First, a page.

on friday we heard Dr. Rebecca Cardinal Sockbeson give a talk .  Sockebson is an indigenous peoples education scholar and a member of the Penobscot Nation.  her scholarship and activism have done important work for Native Americans, and all people – such as helping to remove the use of “squaw” in Maine place names and getting LD 291 – An Act to Require Teaching of Maine Native American History and Culture in Maine’s Schools emplaced in K-12 classrooms.

Doctor Sockbeson began her presentation by having us stand and join her in singing, the longest walk , an intertribal song used for the 1978 cross country walk by Native Americans speaking out for rights.  This introduction was moving and connecting.

Sockbeson talked about how indigenous ways of knowing are disputed by academia, which insists upon “empirical evidence” as the only way of knowing.  She counters that indigenous knowledge is empirical evidence – Native peoples have seen the reality of their intellectual traditions such as basket weaving for millenniums, therefore they know the truth of their traditions – and that is their empirical evidence.

She uses examples from her own life and family as empirical evidence, like showing a picture of her great grandmother as a young girl holding a dog as a segue into talking about the Spencer Phips proclamation.   Her grandmother’s generation was the first to survive genocide that was enacted in full force with Spencer Phips’ bounty on behalf of the king of England, which offered cash rewards for Penobscot scalps.  Such bounties were inflicted on indigenous people all across the Eastern seaboard of the United States and Canada since 1755 – causing 97% population depletion amongst Natives.  The intention was that indigenous people would be wiped out.  As Passamaquoddy poet and elder Mary Basset says, “We’re not supposed to be here” – according to colonizers.  Yet natives are still here, and deserve to be here.

Knowledge of survival, argues Sockbeson, is the reason for mobilizing indigenous knowledge.  Indigenous knowledge of oppression is necessary because it brings context to the effects of colonization.  Unemployment and poverty are 30% higher for Maine Native Americans than the average Maine citizen, and life expectancy rates are 15 years lower for Natives.  Sockbeson points out the reason for this disparity is colonial history and all the suffering it has brought tribes.  When young people understand this and understand all they’ve survived – they are less likely to succumb to internalized oppression that tells them to believe they are inferior.  Rather than believe negative stereotypes about themselves, young natives can unpack the root of the problem: colonization.

Ignorance isn’t bliss in this situation, Sockbeson says.  Knowledge of survival is intrinsic knowledge.  Red Hope is battling death of indigenous ways of knowing and being, such as the ability and right to speak one’s native language, practice beliefs and share creation stories.  “I teach my kids our creation story of Gluskape making us from the ash tree – that’s how we were given entrance into this world” Sockbeson said, but society, even the teachers, tell natives their birthright is just a myth.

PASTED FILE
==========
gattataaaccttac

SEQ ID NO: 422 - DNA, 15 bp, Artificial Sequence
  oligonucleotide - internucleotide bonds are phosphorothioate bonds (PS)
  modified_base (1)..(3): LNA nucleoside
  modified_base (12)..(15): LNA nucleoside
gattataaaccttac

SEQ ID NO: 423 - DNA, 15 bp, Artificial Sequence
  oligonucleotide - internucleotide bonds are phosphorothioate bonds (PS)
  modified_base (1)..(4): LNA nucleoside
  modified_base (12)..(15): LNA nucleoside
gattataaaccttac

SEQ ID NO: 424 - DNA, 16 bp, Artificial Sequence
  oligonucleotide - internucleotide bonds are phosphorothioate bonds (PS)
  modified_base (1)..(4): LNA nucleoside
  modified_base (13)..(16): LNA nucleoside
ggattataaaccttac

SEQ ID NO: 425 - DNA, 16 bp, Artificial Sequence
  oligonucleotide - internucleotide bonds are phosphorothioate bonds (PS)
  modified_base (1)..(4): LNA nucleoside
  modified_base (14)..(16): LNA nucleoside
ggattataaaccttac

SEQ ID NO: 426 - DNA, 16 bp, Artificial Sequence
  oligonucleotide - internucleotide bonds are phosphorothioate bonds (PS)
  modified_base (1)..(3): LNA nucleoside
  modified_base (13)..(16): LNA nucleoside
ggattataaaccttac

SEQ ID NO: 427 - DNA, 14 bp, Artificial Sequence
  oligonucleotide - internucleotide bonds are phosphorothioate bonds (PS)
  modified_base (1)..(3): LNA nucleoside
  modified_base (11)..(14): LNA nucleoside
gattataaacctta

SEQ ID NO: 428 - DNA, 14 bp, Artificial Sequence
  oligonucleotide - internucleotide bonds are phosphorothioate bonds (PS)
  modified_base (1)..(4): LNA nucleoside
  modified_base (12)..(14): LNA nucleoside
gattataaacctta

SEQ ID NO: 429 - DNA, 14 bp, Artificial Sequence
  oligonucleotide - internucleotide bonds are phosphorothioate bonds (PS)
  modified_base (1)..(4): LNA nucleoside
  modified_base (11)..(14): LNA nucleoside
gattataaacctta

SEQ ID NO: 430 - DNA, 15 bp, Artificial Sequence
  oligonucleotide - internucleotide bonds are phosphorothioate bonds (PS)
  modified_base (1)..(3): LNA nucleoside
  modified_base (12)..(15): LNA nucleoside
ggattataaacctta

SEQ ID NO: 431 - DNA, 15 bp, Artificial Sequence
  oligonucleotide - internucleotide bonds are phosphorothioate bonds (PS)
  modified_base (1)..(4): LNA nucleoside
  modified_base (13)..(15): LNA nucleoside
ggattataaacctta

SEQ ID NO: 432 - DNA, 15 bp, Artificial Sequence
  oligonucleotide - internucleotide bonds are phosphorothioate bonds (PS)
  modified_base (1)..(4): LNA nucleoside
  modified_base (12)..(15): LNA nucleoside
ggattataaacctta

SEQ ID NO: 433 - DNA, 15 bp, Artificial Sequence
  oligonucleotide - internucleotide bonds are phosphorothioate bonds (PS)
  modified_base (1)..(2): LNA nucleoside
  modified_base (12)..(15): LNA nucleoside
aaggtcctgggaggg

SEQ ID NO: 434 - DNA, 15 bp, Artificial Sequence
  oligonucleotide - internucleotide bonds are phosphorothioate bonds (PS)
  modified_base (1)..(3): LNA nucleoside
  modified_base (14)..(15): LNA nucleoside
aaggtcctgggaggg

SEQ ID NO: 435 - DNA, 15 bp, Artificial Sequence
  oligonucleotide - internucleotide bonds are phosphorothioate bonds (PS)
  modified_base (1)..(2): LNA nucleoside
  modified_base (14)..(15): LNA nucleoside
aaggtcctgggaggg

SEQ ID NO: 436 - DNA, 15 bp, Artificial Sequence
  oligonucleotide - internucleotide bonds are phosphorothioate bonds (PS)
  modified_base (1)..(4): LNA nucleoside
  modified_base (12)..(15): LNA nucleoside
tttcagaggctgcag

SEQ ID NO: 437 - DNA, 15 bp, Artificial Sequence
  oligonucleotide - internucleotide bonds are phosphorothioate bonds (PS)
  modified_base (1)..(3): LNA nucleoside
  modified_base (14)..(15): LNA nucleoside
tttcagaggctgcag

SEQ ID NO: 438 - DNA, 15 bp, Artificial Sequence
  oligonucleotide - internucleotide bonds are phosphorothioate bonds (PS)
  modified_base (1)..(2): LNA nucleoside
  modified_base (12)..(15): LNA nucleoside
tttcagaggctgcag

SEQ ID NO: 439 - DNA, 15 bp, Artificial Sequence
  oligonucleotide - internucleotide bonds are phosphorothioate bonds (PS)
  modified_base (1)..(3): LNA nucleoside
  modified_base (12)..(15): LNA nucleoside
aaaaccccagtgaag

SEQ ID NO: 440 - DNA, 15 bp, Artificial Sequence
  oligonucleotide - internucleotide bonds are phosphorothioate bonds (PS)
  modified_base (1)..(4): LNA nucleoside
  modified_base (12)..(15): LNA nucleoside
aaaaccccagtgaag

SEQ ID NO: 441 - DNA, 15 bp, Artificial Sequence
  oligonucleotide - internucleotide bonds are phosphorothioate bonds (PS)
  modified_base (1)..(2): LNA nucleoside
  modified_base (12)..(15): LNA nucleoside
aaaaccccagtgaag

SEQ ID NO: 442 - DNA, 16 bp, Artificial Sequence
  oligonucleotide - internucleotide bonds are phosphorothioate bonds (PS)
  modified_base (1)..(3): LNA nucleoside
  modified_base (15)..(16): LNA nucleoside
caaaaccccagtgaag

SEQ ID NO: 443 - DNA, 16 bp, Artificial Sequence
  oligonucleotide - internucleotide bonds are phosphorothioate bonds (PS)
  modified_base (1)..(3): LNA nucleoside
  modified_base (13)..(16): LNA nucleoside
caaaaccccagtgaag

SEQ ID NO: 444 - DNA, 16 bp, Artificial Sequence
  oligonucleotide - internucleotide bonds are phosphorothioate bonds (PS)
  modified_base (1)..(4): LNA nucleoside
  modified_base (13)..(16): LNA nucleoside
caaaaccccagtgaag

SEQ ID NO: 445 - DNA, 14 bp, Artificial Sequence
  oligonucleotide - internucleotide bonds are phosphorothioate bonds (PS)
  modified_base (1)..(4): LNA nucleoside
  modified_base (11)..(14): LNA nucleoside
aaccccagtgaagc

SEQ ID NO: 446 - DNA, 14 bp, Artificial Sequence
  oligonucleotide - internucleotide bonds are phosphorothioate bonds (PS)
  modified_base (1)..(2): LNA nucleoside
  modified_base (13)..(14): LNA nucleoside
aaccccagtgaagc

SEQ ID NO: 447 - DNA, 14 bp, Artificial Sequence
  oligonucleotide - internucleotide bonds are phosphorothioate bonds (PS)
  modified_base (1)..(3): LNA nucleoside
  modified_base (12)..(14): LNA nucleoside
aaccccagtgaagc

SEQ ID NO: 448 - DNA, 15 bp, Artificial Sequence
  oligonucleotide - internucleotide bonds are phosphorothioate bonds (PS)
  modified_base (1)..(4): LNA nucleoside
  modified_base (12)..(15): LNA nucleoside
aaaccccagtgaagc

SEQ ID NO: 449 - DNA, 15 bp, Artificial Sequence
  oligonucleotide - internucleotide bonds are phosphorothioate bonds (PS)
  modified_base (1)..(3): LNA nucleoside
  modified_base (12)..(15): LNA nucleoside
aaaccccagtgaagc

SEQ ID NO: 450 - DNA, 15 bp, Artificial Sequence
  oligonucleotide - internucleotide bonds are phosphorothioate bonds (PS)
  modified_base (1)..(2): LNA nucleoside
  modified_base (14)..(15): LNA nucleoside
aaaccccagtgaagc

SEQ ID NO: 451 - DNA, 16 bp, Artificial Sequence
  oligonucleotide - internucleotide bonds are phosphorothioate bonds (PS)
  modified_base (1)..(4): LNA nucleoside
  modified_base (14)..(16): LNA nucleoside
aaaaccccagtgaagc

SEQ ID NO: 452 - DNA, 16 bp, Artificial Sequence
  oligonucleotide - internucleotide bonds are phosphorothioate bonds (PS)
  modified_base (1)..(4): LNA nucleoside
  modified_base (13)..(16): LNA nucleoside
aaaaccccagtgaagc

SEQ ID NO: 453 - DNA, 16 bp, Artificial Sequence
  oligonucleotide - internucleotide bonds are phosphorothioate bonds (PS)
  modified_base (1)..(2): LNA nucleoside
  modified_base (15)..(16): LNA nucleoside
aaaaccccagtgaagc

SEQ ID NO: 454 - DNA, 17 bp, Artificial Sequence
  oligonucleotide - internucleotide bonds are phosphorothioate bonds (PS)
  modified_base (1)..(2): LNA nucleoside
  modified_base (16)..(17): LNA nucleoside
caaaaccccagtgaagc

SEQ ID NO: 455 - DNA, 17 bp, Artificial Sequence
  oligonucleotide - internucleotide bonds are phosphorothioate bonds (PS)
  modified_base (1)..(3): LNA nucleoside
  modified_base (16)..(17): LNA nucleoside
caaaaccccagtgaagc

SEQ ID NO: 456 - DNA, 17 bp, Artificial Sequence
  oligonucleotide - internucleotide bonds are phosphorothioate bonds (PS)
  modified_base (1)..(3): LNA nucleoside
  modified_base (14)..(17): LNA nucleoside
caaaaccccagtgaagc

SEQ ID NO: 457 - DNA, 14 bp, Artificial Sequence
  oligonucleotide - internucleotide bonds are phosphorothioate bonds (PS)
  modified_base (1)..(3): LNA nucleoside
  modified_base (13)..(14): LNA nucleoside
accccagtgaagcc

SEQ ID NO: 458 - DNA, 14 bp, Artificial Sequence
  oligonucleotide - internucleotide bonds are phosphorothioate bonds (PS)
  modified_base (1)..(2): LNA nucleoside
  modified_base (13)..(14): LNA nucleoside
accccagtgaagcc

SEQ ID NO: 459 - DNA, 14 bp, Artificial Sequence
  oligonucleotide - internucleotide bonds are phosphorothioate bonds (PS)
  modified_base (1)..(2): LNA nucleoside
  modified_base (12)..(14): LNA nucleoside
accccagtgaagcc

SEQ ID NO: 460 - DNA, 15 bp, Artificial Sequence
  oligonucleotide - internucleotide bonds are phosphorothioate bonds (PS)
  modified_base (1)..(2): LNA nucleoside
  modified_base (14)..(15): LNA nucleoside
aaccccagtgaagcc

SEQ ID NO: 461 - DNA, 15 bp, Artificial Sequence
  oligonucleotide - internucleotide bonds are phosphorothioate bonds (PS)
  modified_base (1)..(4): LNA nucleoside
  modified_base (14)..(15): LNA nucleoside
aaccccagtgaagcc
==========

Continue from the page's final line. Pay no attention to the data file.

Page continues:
Sockbeson talked about the importance of having indigenous scholars in academia – and at UMaine there are so few.  She says compulsory Native American studies courses need to be here.  There are few indigenous faculty on campus or Native aesthetics, yet the university is on Wabanaki territory and everyone is benefitting from the colonizing of Penobscots –except for Penobscots themselves.  Sockbeson quoted Penobscot artist ssipsis, who pointed out how often natives think of white people, but how seldom, if ever, whites are asked to consider natives.

Sockbeson calls for use of political will to create a revolution in instiutions such as academia.  Bringing rights to practice our own cultures in places such as the university – means overturning the current “universal-way” standards.  Gandhi and Martin Luther King Jr. also called for revolutions in institutions.  The university yields a lot of power in distributing knowledge, but as Sockbeson points out, knowledge doesn’t belong to anyone.  Knowledge is the energy passed between us when we have these discussions.

Dr.  Sockbeson also talked about Peonobscot scholar Eunice Baumann Nelson’s awareness of string theory and how we’re all connected: taking care of you is taking care of me – an understanding that makes us be respectful and loving, makes us use loving words, thoughts and actions.  Spirituality is reality, and who we are is in our blood and in the land.

Doctor Sockbeson taught us a lot about decolonization and practicing human rights and being stellar.